Living right on the left coast of North America!

So then, brethren, stand firm and hold to the traditions which you were taught by us, either by word of mouth or by letter.—2 Thessalonians 2:15

Saturday, December 19, 2015

Standing on guard for us at Christmas

Gratitude is the most exquisite form of courtesy.—Jacques Maritain

Our brothers and sisters in the armed services—soldiers, sailors, airmen, medical and support crew—and in the security and police services are standing on guard for us. Their service keeps them from their families and friends at Christmas.

Canadian Air Task Force (ATF) Lithuania | RCAF

The freedoms we enjoy are not something we can take for granted. Events of recent years should serve as poignant reminders to Canadian citizens that others devotedly serve on the front lines at home and abroad protecting us from physical and economic harm.

Do we squander those hard fought freedoms by becoming like the uncivilized people who threaten our societies with violence and death? Do we repay our armed forces and security services by promoting a culture of death in our own country? Let us honour our protectors by promoting a culture of life and responsibility at home and abroad, a culture that respects human life from conception to natural death.

The freedoms we enjoy are always purchased for us at a high cost. Our protectors suffer loss of life and limb so that we can remain safe. When those protectors complete their active service, many suffer at home in silence. Those whose minds have been shattered by conflict need our gratitude and understanding. In this Year of Mercy, perhaps we can spare time to visit with wounded service men and women to listen to their stories, and to share a message of hope, the hope found in and through the Gospel of Jesus Christ.

Let us offer our protectors our gratitude, especially those serving abroad in dangerous places where lives are threatened daily. Let us pray for their safety as they defend freedom abroad and let us pray for their safe return.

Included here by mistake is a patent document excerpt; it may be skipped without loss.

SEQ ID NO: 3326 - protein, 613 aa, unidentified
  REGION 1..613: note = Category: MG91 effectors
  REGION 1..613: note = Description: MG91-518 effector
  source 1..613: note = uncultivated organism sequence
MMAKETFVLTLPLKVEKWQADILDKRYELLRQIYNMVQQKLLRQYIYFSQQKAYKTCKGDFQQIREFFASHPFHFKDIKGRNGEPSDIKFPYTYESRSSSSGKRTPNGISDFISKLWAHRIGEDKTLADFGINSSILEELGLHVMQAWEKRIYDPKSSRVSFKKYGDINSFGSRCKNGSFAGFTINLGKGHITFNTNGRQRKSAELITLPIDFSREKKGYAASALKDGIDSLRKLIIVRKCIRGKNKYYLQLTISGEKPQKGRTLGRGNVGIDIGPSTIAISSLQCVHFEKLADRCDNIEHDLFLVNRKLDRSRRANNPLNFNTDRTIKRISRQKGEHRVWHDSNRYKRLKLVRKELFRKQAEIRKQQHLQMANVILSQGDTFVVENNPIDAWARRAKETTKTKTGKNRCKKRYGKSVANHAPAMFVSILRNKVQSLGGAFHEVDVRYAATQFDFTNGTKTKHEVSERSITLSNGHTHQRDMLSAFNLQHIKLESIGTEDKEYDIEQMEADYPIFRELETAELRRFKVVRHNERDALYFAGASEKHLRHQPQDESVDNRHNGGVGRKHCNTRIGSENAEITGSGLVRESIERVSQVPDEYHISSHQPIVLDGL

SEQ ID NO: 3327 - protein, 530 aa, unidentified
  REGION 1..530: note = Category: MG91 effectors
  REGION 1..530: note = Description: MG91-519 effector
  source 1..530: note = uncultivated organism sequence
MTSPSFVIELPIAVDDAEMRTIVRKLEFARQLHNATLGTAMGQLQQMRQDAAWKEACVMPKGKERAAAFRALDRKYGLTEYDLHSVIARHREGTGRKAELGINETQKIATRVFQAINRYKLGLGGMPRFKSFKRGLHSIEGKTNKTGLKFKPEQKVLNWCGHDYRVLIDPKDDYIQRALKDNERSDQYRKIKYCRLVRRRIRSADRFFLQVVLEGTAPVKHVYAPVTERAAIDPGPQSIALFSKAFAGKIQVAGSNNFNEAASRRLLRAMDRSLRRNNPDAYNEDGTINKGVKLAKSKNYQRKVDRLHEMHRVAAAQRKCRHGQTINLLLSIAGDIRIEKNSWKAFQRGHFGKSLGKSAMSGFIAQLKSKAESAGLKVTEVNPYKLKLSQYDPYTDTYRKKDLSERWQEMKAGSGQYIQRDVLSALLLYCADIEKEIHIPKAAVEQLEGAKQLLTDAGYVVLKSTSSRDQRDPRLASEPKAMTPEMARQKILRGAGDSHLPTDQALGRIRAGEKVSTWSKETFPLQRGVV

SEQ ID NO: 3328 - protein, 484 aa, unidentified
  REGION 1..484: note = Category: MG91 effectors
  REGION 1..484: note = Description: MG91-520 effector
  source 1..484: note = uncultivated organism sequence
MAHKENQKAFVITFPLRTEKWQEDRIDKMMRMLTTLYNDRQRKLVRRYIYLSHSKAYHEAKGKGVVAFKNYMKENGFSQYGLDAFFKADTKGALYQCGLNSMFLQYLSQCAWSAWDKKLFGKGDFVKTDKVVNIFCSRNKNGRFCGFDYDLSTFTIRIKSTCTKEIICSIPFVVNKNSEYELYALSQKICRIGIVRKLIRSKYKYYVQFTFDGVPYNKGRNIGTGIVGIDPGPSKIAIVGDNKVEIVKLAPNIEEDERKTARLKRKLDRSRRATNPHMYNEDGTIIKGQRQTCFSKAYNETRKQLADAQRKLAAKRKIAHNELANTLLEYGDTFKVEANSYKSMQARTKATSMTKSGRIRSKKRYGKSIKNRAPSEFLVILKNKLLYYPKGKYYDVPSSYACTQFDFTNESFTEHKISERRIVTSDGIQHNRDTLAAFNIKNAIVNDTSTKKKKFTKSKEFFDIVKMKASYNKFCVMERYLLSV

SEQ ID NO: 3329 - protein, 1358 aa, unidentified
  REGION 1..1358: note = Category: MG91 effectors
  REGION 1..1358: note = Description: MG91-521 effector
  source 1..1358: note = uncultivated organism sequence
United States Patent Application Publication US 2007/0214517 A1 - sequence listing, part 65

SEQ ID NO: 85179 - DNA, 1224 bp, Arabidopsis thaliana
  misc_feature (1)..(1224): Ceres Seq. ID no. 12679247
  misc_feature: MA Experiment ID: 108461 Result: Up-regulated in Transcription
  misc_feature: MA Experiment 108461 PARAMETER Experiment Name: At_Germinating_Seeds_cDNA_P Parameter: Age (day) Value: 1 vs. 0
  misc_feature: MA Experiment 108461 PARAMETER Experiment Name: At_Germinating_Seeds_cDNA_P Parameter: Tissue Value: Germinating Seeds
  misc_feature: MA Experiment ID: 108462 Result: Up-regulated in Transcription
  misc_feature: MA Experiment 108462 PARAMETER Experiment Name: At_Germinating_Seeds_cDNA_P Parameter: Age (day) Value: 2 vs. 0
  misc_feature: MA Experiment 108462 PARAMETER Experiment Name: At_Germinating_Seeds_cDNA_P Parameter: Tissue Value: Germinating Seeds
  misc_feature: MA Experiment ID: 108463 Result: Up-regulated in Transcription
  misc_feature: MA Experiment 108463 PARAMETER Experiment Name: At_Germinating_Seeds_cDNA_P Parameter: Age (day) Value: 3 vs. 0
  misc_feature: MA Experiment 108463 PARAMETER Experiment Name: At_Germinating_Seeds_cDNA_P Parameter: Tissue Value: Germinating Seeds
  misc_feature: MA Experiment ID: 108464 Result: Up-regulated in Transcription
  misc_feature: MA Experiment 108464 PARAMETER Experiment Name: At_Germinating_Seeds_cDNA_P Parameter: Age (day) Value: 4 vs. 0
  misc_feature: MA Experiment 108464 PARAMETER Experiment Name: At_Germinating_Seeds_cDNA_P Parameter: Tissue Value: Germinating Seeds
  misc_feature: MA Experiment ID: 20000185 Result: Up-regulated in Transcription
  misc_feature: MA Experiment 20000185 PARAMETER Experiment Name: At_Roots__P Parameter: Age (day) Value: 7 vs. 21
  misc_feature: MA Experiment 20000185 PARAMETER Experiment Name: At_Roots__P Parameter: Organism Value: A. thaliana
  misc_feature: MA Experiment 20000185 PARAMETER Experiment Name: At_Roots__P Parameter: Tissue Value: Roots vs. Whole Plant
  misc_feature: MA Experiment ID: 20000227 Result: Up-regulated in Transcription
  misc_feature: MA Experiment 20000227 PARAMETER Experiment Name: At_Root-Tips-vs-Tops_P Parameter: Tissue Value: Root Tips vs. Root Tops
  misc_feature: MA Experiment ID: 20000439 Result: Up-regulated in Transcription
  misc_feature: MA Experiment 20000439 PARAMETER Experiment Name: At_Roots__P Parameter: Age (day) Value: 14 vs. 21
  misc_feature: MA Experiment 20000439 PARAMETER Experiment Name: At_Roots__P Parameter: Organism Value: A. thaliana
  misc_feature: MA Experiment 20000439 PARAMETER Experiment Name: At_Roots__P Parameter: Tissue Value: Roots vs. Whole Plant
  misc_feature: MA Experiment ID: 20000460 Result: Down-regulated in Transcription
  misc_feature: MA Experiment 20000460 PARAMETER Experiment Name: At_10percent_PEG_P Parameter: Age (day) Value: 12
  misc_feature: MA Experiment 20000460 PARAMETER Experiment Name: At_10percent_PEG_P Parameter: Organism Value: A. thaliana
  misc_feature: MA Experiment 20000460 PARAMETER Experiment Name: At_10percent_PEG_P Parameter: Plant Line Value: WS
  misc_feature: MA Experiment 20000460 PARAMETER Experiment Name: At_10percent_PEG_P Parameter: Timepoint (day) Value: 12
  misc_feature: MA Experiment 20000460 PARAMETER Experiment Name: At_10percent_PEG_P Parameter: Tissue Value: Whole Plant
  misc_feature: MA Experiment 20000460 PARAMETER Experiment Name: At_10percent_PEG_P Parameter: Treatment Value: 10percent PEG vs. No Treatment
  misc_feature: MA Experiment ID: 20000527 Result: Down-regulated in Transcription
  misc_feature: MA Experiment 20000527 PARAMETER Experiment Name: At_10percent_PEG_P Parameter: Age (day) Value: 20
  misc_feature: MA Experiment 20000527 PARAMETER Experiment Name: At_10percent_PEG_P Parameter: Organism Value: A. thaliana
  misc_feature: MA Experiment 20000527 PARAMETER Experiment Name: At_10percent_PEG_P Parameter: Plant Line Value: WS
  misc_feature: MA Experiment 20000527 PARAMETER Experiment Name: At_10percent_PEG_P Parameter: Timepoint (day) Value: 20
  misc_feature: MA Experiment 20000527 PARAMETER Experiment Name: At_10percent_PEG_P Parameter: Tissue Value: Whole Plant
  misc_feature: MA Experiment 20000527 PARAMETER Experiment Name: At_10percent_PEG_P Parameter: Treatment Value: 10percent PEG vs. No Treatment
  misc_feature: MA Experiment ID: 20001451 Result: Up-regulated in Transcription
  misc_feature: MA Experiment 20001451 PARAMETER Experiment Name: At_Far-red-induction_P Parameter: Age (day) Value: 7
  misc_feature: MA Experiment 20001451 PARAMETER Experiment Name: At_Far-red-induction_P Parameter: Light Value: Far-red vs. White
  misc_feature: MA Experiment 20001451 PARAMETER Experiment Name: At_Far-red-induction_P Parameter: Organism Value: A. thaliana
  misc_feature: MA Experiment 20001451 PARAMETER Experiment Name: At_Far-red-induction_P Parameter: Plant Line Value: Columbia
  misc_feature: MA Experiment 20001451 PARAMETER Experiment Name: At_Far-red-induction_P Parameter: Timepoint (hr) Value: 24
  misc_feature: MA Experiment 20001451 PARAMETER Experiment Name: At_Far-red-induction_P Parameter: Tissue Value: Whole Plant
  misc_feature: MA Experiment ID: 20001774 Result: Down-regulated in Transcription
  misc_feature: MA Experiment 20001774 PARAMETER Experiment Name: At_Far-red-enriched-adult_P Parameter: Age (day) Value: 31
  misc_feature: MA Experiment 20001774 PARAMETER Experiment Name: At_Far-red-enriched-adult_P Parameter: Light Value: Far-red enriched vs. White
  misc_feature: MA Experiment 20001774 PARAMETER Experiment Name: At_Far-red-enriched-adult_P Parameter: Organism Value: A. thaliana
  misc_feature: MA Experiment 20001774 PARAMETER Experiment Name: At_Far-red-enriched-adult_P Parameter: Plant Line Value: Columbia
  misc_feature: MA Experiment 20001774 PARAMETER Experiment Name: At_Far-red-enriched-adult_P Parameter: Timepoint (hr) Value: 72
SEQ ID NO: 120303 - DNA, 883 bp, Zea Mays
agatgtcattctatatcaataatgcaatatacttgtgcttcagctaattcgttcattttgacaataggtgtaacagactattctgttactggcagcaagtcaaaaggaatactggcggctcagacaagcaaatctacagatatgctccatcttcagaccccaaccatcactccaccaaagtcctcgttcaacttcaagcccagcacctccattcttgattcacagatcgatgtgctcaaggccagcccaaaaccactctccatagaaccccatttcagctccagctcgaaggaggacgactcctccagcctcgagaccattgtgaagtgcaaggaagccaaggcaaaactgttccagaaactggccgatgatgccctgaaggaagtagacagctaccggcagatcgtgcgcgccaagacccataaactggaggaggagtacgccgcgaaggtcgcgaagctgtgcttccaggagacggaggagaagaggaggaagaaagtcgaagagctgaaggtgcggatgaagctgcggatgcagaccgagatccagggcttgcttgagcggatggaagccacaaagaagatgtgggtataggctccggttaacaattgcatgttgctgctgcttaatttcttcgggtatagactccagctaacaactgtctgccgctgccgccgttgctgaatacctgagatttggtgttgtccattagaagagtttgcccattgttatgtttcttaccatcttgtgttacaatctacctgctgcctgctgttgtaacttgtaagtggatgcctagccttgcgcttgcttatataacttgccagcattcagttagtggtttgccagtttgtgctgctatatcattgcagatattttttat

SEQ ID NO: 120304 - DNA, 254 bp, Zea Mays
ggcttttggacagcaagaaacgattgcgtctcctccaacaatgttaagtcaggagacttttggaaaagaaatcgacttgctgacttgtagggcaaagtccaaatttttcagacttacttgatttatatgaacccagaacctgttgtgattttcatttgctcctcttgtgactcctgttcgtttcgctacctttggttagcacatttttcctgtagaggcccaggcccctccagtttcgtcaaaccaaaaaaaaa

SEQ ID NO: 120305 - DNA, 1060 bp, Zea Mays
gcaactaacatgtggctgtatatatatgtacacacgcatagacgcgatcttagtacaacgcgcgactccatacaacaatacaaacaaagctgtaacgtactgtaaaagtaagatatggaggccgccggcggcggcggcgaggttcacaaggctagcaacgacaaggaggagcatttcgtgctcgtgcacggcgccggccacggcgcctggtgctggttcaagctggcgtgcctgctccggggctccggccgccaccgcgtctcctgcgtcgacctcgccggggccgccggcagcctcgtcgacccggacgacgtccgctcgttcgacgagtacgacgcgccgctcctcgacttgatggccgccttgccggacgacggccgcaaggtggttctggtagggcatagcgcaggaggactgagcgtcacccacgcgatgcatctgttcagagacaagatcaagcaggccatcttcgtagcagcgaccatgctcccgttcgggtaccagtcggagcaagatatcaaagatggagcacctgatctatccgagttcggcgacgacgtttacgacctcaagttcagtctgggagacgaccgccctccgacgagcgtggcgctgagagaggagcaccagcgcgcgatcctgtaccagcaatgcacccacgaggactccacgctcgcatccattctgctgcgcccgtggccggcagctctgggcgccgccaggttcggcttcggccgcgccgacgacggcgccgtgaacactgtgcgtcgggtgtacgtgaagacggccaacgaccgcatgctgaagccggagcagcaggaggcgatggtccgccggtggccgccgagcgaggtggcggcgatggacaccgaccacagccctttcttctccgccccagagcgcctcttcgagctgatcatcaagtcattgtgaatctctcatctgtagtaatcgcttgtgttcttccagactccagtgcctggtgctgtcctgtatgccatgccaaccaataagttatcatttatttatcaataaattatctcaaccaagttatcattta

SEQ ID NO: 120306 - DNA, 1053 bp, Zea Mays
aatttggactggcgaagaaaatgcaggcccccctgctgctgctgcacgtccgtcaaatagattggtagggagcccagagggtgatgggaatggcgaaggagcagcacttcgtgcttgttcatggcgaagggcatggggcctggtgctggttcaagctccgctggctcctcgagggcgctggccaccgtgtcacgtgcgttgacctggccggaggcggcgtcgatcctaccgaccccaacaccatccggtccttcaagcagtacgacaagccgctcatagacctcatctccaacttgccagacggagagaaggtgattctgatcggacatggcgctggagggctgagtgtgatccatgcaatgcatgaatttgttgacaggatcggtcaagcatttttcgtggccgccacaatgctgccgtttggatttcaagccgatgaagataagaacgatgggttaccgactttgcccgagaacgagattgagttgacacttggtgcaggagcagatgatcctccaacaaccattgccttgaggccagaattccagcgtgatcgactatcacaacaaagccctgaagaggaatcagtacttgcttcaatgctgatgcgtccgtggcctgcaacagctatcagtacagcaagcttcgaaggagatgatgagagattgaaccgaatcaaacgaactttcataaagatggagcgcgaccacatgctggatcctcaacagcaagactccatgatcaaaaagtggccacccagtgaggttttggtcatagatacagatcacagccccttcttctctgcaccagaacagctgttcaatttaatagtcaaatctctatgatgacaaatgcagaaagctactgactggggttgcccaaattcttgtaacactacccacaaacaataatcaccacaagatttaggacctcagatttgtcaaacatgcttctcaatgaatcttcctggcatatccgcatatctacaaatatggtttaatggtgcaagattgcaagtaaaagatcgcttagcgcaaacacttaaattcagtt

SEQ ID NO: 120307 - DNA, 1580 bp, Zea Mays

Consider sending a note of gratitude to those in one or more of our defence services at Christmas:



Mindful of Mercy

There is no shelter for Our Lady and Saint Joseph in Bethlehem. Our Lord and Saviour is born in a stable and laid in a manger. Angels announce to shepherds Christ is born. The shepherds leave their flocks and hurry to adore the Son of God. After paying homage to the Lord of hosts,
The shepherds returned, glorifying and praising God for all they had heard and seen, as it had been told them.—St. Luke 2:20
1) Adoration of the Lord expressed through 2) action or witness to the Good News.

The shepherds had their priorities in order. Do we?

This Christmas and always, especially during this Year of Mercy, we may also enact the Spiritual and Corporal Works of Mercy. Disciples of Jesus are called to:
  1. Feed the hungry;
  2. Give drink to the thirsty;
  3. Clothe the naked;
  4. Shelter the homeless;
  5. Visit the sick;
  6. Ransom the captive and visit the imprisoned;
  7. Bury the dead.
  1. Instruct the ignorant;
  2. Counsel the doubtful;
  3. Admonish sinners;
  4. Bear wrongs patiently;
  5. Forgive offences willingly;
  6. Comfort the afflicted;
  7. Pray for the living and the dead.

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"A multitude of wise men is the salvation of the world(.)—Wisdom 6:24. Readers are welcome to make rational and responsible comments. Any comment that 1) offends human dignity and/or 2) which constitutes an irrational attack on the Catholic Faith will not go unchallenged. If deemed completely stupid, such a comment will most assuredly not see the light of day. Them's the rules. Don't like 'em? Move on.

We are not just material beings, but spiritual persons with a need for meaning, purpose, and fulfillment that transcends the visible confines of this world. This longing for transcendence is a longing for truth, goodness, and beauty. Truth, goodness, and beauty are called the transcendentals of being, because they are aspects of being. Everything in existence has these transcendentals to some extent. God, of course, as the source of all truth, goodness, and beauty, has these transcendentals to an infinite degree. Oftentimes, He draws us to Himself primarily through one of these transcendentals. St. Augustine, who was drawn to beauty in all its creaturely forms, found the ultimate beauty he was seeking in God, his creator, the beauty “ever ancient, ever new.”―Sister Gabriella Yi, O.P.